US 'running out of cash' to help Ukraine

FILE - A US flag is pictured on top of the embassy of the United States of America in Berlin, Germany, Wednesday, Aug. 10, 2011.
FILE - A US flag is pictured on top of the embassy of the United States of America in Berlin, Germany, Wednesday, Aug. 10, 2011. Copyright Michael Sohn/AP2011
By Euronews with AFP
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Military aid from Kyiv's most significant ally could plunge in the coming weeks.

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“We are running out of money and soon running out of time” to assist Ukraine, the White House has said, amid rancour over the budget agreement. 

“If Congress does not act, by the end of the year we will run out of resources to deliver more weapons and equipment to Ukraine and to supply material from US military stockpiles,” wrote White House Budget Director Shalanda Young in a letter addressed to Mike Johnson, head of the House of Representatives, where there is a Republican majority.

This letter kicked the ball back to the right-wingers, where calls to detach from the Ukraine war and stop spending US taxpayers' money are growing. 

During a press conference, US National Security Adviser Jake Sullivan said "Congress must decide whether to continue supporting the fight for freedom in Ukraine... [or] ignore the lessons we have learned from history and allow [Russian President Vladimir] Putin to prevail.”

Young's letter comes at a difficult time for Kyiv, with its summer counteroffensive failing to achieve any significant results. Russian forces, meanwhile, have launched repeated assaults that are pilling on the pressure, especially around Avdivka in the east. 

“There is no magic funding available to deal with the emergency. We are running out of money and soon to run out of time,” wrote the Budget Director.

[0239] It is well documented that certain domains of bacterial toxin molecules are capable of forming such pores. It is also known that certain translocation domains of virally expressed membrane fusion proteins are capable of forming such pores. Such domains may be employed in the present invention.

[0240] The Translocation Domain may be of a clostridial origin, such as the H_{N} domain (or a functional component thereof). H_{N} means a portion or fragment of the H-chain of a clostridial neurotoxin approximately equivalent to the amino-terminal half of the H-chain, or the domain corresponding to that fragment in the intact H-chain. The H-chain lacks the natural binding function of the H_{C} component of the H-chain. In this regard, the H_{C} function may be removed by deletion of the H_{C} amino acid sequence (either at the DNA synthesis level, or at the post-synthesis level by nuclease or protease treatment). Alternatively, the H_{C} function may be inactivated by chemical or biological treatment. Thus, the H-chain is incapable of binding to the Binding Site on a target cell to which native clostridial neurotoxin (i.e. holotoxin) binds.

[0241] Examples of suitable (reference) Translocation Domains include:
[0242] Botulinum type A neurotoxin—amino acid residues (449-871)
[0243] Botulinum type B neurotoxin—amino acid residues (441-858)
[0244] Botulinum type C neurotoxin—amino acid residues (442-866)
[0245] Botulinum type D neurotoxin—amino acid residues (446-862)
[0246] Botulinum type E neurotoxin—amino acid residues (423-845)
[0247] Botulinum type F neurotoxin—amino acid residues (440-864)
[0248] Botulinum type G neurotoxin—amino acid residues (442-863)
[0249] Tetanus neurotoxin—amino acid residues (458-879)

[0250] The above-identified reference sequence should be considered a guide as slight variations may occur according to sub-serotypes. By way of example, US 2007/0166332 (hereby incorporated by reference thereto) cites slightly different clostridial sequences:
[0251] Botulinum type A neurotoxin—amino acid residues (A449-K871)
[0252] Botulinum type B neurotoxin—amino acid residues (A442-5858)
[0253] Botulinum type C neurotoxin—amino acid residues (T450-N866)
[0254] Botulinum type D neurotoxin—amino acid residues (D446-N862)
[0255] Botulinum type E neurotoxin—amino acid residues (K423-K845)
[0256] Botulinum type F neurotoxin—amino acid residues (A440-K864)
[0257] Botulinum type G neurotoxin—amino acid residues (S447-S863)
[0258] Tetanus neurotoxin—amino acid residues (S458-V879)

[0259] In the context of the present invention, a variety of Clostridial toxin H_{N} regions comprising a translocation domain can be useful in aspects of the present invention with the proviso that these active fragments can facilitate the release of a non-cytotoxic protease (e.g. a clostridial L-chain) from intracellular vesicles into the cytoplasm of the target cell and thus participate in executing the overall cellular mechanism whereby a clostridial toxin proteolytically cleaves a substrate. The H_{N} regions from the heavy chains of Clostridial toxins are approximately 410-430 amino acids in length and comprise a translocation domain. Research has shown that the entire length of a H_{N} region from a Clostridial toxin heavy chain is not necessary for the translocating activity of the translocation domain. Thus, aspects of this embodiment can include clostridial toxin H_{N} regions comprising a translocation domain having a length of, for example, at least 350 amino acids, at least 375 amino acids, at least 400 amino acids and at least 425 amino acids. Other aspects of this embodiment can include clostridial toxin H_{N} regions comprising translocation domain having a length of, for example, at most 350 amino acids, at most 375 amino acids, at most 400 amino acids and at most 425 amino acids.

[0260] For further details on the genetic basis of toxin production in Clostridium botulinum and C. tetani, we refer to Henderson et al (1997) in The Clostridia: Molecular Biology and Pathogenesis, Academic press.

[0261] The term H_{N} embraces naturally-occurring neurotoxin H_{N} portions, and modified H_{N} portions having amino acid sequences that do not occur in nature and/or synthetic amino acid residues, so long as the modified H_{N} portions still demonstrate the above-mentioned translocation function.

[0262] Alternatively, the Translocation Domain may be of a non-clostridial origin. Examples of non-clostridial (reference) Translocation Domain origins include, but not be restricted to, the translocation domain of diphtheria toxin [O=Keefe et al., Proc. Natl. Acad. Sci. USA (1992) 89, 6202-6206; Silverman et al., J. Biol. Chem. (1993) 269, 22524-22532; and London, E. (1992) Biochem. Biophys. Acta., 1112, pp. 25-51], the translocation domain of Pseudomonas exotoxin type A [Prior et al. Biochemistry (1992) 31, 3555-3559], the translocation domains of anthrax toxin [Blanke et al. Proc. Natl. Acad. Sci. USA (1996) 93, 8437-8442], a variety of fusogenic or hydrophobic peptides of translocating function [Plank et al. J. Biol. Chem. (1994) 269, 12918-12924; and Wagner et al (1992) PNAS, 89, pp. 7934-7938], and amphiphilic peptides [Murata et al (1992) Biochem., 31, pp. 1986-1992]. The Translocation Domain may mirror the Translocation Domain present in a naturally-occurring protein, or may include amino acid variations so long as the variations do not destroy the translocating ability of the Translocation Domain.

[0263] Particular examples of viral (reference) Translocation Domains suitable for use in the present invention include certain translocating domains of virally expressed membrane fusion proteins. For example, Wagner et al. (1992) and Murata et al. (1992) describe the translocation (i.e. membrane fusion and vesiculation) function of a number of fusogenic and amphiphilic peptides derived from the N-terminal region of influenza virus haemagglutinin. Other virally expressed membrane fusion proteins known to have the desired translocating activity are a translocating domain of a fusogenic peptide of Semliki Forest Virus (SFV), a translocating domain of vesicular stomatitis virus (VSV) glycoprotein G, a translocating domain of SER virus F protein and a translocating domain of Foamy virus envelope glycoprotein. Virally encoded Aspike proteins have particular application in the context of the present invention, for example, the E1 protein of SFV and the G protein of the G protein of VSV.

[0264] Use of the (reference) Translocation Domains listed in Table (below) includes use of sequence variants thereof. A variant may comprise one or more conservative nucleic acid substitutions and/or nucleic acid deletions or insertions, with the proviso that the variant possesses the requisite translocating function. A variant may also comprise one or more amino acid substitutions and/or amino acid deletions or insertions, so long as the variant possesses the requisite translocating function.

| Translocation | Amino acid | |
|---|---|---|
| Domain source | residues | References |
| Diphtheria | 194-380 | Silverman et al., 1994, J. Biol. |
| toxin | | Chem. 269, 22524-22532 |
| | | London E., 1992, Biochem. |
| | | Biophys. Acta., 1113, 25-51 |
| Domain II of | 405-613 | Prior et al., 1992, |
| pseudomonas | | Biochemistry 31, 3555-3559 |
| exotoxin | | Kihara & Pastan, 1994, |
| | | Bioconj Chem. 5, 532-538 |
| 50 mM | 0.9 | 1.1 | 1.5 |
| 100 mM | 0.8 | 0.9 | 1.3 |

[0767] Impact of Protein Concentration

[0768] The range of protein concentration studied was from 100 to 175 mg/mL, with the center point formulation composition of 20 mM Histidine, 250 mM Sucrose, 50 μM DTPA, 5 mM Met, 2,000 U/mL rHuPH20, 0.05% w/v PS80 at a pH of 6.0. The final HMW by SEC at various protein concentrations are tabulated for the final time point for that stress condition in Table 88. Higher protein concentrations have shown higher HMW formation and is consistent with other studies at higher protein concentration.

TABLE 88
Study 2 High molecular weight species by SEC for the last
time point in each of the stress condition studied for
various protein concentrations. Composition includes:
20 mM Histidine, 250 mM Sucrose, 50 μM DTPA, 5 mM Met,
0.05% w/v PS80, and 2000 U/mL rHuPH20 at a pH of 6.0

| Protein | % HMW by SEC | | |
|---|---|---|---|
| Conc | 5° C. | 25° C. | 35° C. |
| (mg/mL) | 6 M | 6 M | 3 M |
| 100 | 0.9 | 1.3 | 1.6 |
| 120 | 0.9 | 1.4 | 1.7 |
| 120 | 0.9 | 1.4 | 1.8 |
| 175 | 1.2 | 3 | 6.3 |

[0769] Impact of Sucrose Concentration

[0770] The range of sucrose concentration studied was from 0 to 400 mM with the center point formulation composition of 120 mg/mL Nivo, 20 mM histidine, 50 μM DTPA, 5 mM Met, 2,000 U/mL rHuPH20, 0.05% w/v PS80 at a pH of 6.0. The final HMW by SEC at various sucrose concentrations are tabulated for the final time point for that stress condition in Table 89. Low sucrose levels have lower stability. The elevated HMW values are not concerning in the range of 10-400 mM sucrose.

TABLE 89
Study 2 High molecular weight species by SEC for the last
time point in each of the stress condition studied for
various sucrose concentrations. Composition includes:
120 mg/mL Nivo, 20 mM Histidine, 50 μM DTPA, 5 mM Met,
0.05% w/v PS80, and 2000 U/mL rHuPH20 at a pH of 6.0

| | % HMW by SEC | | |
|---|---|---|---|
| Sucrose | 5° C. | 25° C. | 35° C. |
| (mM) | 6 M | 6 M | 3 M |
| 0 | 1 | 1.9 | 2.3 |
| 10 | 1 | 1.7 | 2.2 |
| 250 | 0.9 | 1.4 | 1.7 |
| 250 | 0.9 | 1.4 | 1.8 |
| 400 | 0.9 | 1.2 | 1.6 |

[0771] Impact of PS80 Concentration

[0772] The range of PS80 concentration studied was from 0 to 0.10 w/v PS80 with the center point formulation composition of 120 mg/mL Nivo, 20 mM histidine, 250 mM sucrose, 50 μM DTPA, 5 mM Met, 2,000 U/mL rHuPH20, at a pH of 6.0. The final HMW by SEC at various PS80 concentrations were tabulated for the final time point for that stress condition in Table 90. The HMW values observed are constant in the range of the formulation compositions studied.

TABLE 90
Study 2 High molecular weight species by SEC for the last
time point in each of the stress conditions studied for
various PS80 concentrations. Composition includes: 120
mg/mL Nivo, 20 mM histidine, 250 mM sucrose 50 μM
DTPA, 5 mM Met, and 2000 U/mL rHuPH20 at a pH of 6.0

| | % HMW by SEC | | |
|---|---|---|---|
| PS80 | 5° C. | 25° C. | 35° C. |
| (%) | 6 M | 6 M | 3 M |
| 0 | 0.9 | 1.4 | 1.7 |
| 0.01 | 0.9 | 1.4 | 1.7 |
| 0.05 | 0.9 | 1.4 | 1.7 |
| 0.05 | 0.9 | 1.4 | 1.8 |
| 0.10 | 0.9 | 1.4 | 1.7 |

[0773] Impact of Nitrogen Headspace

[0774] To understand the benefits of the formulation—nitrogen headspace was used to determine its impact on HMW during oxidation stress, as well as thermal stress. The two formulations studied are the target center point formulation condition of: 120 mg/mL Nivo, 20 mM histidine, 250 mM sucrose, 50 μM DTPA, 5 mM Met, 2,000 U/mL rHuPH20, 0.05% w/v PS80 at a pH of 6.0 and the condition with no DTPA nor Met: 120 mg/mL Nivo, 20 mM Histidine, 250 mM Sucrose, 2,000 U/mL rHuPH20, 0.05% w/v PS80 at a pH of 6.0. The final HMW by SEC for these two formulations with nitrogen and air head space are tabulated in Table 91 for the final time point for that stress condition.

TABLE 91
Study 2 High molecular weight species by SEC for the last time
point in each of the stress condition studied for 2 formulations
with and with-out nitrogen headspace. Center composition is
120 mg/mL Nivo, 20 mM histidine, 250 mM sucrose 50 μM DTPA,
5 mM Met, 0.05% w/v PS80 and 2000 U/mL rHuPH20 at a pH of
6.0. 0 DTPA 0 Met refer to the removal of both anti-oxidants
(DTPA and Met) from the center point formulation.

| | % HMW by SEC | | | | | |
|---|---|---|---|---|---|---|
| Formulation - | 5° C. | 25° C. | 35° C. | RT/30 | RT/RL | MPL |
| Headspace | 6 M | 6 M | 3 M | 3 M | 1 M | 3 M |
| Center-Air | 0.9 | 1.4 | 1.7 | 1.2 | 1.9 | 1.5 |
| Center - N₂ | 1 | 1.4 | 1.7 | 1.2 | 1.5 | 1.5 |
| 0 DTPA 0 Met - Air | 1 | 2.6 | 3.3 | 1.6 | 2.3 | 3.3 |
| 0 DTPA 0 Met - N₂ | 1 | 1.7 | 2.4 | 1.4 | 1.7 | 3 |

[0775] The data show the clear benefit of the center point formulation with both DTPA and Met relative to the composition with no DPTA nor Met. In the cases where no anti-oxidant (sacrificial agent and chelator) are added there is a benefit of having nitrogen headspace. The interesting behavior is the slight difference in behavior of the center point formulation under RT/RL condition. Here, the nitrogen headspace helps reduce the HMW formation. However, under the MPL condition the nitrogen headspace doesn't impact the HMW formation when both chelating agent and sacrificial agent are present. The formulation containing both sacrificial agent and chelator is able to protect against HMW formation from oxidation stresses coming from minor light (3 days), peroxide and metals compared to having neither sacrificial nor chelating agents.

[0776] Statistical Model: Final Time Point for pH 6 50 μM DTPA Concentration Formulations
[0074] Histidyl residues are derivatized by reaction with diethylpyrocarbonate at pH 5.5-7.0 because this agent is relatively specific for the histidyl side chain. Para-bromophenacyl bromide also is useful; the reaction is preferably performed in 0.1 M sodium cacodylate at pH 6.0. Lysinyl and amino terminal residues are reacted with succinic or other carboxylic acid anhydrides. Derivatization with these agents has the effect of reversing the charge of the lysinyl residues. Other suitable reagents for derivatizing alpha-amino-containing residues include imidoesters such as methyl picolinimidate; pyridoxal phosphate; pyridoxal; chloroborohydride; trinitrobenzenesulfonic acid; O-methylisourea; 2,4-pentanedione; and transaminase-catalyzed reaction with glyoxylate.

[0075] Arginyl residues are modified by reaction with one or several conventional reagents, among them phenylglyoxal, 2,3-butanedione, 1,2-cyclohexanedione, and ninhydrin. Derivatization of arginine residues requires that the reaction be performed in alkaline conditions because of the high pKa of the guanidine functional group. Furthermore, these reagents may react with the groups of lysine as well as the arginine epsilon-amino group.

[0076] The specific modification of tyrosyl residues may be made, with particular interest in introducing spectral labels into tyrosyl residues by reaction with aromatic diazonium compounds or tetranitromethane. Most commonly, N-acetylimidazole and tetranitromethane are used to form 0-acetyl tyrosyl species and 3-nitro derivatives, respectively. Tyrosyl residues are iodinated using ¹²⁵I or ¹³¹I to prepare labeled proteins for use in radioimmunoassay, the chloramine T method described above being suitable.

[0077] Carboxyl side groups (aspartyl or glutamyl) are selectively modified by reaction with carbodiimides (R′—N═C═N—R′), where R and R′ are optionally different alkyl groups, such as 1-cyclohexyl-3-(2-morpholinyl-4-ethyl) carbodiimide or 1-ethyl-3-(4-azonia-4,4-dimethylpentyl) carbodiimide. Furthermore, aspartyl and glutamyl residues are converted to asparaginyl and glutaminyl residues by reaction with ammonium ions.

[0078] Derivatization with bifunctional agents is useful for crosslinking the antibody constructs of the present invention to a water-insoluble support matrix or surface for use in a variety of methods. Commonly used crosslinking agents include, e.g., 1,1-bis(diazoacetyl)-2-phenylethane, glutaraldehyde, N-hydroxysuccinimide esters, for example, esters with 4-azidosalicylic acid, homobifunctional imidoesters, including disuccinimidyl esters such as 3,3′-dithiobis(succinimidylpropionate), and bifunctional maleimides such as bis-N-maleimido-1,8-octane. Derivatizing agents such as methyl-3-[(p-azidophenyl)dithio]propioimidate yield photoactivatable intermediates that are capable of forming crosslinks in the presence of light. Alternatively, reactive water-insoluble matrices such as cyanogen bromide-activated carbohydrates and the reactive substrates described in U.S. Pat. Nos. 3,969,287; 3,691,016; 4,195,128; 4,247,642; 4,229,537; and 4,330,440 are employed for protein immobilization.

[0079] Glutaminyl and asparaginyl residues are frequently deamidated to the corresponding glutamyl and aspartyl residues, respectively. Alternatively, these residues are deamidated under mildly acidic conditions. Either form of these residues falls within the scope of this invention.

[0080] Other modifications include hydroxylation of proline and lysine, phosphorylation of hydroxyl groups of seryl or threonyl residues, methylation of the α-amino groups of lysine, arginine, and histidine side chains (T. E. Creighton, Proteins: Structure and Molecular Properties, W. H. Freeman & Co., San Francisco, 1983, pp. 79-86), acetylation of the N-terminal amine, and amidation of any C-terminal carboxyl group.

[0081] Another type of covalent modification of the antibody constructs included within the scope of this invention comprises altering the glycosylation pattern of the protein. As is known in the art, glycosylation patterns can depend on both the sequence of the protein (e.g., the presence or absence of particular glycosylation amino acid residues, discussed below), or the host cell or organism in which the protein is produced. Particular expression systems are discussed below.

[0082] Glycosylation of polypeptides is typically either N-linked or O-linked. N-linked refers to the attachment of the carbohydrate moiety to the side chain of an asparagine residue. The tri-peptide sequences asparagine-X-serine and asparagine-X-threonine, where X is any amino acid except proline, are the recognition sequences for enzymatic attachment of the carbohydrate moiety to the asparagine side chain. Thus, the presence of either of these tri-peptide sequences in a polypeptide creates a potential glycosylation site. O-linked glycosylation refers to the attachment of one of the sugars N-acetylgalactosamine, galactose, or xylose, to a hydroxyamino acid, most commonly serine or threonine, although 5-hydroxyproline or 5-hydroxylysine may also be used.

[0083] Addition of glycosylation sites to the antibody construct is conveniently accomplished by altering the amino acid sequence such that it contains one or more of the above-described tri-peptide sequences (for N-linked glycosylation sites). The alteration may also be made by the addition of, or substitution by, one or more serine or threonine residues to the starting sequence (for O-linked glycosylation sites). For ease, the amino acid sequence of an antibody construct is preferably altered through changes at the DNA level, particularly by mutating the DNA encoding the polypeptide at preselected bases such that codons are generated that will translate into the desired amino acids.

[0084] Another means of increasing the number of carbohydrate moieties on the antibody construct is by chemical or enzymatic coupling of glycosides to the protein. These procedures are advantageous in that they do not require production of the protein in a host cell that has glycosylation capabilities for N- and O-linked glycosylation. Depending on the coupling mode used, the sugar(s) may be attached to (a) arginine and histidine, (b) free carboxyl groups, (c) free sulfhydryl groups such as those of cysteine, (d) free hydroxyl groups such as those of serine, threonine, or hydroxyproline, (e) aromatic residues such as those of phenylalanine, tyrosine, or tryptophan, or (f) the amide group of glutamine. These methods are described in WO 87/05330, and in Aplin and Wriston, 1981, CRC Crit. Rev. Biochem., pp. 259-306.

Democratic President Joe Biden asked Congress on 20 October to vote for exceptional funding of more than $100 billion (€92.5bn) to respond to international emergencies, such as assisting Israel and Ukraine, standing up to China and responding to the arrival of migrants at the southern US border.

More than $60bn (€55.5bn) of this sum was intended for Kyiv as it battles the Russian invasion launched in February 2022. 

The time is now

Ukrainian President Volodymyr Zelenskyy will address US senators on Tuesday during a classified and closed video conference, according to the leader of the Democratic majority in the Senate, Chuck Schumer.

He urged all senators to attend the briefing "so we can hear directly from him what precisely is at stake."

The White House wants to maintain funding for Ukraine at least until the presidential election in November 2024, which could pit Biden against former President Donald Trump.

“Putin will not commit to peace before seeing the result of our election,” a senior US diplomatic official was quoted as recently saying by AFP, a French news agency. 

Washington has been in budgetary limbo for months, due to endless political turbulence. 

The Congress of the world's leading power - made up of the Senate with a Democratic majority and the House of Representatives with a Republican majority - has still not voted on a budget for the fiscal year which began on October 1.

Government is only functioning thanks to an emergency extension which will expire in mid-January.

When Biden solemnly requested his enormous budget package, the House of Representatives found itself in chaos due to dissension within the Republican Party.

It has since acquired a leader Speaker Mike Johnson, which allowed the resumption of budgetary debates, which promise to be no less difficult. 

The head of conservative lawmakers is demanding a tightening of migration policy amid surging migrant arrivals at the Mexican border in exchange for support of a new package for Ukraine.

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